7. Chang, Yen-Chiang & Wang, Nannan, 2010. "Environmental regulations and emissions trading in China," Energy Policy, Elsevier, vol. 38(7), pages 3356-3364, July.
  8. Copenhagen Economics, 2008. "Reduced VAT for environmentally friendly products," Taxation Studies 0025, Directorate General Taxation and Customs Union, European Commission.
  9. Saunders, Harry D., 2008. "Fuel conserving (and using) production functions," Energy Economics, Elsevier, vol. 30(5), pages 2184-2235, September.
  10. Wei, Taoyuan, 2010. "A general equilibrium view of global rebound effects," Energy Economics, Elsevier, vol. 32(3), pages 661-672, May.
  11. Anson, Sam & Turner, Karen, 2009. "Rebound and disinvestment effects in refined oil consumption and supply resulting from an increase in energy efficiency in the Scottish commercial transport sector," Energy Policy, Elsevier, vol. 37(9), pages 3608-3620, September.
  12. Vennemo, Haakon & Aunan, Kristin & Jianwu, He & Tao, Hu & Shantong, Li, 2009. "Benefits and costs to China of three different climate treaties," Resource and Energy Economics, Elsevier, vol. 31(3), pages 139-160, August.

Lists

This item is not listed on Wikipedia, on a reading list or among the top items on IDEAS.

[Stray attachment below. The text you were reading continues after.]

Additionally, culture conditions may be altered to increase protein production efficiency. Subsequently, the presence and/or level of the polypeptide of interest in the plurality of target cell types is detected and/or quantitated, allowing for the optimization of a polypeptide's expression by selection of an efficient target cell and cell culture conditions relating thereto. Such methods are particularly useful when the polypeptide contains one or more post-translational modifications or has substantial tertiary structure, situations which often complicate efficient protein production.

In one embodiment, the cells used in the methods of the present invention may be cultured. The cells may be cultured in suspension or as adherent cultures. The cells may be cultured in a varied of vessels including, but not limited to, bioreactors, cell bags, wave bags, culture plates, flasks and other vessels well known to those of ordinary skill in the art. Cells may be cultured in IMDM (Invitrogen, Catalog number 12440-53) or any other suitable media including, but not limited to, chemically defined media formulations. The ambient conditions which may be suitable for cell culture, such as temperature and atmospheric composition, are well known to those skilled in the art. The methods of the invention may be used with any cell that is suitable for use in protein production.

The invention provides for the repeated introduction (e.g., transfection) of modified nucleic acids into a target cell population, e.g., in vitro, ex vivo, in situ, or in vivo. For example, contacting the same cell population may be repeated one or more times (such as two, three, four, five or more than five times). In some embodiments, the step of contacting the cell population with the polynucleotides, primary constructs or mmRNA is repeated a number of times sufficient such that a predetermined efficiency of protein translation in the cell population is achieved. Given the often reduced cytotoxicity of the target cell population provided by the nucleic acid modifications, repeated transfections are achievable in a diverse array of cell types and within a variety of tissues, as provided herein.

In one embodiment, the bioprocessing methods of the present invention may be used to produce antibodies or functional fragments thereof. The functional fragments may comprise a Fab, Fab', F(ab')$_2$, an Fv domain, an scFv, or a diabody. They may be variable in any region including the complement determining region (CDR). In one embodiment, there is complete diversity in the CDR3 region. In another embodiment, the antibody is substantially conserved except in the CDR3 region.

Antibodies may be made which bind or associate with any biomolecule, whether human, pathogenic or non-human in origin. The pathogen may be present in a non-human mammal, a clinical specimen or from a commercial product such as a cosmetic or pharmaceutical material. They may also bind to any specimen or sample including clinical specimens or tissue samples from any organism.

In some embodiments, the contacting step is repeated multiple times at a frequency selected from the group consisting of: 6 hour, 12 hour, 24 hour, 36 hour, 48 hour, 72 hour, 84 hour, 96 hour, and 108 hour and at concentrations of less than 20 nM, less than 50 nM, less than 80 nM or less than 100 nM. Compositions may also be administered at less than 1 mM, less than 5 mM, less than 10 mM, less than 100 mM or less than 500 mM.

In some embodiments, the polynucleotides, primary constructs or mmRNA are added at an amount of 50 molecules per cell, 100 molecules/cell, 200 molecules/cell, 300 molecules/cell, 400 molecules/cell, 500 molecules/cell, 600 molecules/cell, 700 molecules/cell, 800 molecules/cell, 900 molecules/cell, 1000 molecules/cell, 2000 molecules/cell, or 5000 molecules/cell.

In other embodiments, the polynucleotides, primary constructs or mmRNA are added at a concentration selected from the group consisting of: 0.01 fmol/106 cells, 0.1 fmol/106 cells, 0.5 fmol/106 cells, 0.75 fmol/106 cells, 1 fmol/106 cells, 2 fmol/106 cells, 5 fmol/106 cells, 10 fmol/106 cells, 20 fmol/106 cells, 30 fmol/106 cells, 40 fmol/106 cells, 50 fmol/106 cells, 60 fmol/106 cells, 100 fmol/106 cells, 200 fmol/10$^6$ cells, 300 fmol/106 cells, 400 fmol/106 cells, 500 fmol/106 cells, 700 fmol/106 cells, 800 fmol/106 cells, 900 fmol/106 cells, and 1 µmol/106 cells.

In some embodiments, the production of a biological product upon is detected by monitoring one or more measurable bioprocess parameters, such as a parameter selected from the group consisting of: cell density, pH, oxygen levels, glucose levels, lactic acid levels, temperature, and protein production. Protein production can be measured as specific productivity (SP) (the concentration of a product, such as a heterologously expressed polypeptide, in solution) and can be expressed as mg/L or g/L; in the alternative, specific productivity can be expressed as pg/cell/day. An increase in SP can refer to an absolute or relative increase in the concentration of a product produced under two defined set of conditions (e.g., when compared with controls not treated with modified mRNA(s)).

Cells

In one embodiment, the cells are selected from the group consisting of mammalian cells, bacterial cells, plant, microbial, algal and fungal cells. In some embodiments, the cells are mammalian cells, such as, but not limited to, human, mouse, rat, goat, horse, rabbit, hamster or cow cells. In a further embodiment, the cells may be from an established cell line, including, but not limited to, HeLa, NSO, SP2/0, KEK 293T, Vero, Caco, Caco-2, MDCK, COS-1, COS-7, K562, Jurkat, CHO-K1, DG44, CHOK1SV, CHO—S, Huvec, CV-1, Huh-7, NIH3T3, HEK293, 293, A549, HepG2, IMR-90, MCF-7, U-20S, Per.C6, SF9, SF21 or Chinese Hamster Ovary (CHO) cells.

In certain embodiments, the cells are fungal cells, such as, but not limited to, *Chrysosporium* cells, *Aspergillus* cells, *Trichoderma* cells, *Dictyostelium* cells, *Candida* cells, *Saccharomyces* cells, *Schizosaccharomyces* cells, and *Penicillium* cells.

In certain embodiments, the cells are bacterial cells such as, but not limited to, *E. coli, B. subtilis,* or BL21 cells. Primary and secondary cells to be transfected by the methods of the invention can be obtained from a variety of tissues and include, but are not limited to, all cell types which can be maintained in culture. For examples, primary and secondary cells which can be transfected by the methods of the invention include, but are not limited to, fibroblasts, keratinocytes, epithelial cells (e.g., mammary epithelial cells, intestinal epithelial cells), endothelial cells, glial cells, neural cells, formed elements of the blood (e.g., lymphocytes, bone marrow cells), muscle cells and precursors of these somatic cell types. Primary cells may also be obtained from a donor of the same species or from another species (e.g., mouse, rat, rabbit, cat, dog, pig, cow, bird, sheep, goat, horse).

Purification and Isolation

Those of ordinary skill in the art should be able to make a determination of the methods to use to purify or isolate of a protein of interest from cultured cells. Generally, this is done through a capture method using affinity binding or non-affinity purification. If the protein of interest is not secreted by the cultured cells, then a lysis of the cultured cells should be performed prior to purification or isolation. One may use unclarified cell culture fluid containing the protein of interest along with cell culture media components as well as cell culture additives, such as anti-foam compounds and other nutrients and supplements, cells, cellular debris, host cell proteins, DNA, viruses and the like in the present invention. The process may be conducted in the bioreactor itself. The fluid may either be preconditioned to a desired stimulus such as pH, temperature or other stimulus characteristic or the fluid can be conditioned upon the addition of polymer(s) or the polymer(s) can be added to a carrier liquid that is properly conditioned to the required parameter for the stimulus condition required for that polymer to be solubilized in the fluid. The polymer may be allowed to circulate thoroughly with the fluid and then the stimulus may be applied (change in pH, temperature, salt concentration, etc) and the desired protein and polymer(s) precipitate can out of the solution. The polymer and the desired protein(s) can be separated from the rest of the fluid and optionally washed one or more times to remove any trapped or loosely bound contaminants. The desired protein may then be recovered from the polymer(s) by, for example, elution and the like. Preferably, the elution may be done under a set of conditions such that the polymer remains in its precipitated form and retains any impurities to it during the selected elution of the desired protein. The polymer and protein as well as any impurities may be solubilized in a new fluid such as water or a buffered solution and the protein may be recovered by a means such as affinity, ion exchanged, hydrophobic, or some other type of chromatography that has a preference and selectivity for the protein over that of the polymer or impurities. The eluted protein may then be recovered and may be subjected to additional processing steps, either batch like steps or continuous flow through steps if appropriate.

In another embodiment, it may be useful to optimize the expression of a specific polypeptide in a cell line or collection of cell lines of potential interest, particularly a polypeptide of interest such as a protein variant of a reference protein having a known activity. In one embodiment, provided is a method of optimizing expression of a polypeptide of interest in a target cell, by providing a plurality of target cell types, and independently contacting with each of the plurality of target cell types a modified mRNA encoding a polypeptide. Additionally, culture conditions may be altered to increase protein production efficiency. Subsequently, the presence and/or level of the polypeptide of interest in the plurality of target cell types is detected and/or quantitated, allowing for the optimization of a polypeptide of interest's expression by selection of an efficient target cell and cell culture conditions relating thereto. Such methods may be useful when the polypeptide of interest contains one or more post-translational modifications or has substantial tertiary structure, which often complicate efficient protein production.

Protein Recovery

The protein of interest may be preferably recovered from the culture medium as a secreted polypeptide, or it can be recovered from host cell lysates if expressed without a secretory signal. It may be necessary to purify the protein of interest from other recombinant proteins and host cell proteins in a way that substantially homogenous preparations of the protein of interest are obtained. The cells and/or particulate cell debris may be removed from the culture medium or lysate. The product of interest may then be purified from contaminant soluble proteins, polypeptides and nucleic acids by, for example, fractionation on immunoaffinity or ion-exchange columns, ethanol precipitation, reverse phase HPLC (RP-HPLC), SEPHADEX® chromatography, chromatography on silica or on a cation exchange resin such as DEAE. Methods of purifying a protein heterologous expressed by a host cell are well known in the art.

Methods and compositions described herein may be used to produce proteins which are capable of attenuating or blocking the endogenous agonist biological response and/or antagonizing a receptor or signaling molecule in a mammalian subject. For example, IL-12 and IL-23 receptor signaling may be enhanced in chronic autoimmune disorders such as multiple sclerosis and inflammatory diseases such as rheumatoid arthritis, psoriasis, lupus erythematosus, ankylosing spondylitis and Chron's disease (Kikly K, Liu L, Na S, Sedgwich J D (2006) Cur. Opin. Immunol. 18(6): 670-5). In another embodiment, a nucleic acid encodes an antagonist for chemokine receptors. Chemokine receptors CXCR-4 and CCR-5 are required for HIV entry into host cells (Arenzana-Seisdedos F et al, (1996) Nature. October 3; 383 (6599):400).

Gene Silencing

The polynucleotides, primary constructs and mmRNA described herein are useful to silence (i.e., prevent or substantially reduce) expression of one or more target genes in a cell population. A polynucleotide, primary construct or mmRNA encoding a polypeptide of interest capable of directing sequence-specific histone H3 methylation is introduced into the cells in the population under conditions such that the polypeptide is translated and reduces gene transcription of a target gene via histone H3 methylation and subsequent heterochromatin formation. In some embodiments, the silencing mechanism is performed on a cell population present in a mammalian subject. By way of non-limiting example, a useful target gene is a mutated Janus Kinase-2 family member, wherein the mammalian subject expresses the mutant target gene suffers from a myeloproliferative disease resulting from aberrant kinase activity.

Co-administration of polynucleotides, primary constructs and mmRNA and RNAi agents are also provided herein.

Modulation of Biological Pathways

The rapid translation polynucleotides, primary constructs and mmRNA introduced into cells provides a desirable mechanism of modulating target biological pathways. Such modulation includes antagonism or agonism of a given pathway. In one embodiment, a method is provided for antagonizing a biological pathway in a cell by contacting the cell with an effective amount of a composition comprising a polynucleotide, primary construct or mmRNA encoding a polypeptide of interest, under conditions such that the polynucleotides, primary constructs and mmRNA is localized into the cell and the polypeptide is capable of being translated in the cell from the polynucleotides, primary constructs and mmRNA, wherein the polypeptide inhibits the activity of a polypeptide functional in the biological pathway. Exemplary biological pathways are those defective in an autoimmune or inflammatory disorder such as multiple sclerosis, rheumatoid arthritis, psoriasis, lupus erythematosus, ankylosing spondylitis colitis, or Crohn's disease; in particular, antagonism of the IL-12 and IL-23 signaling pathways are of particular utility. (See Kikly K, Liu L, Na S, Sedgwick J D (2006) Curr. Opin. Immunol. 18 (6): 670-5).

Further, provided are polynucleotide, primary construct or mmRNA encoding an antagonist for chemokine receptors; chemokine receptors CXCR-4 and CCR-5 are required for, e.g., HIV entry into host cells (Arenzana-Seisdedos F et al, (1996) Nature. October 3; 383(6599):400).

Statistics

Access and download statistics

Corrections

When requesting a correction, please mention this item's handle: RePEc:ssb:dispap:356. See general information about how to correct material in RePEc.

For technical questions regarding this item, or to correct its authors, title, abstract, bibliographic or download information, contact: (J Bruusgaard).

If you have authored this item and are not yet registered with RePEc, we encourage you to do it here. This allows to link your profile to this item. It also allows you to accept potential citations to this item that we are uncertain about.

If references are entirely missing, you can add them using this form.

If the full references list an item that is present in RePEc, but the system did not link to it, you can help with this form.

If you know of missing items citing this one, you can help us creating those links by adding the relevant references in the same way as above, for each refering item. If you are a registered author of this item, you may also want to check the "citations" tab in your profile, as there may be some citations waiting for confirmation.

Please note that corrections may take a couple of weeks to filter through the various RePEc services.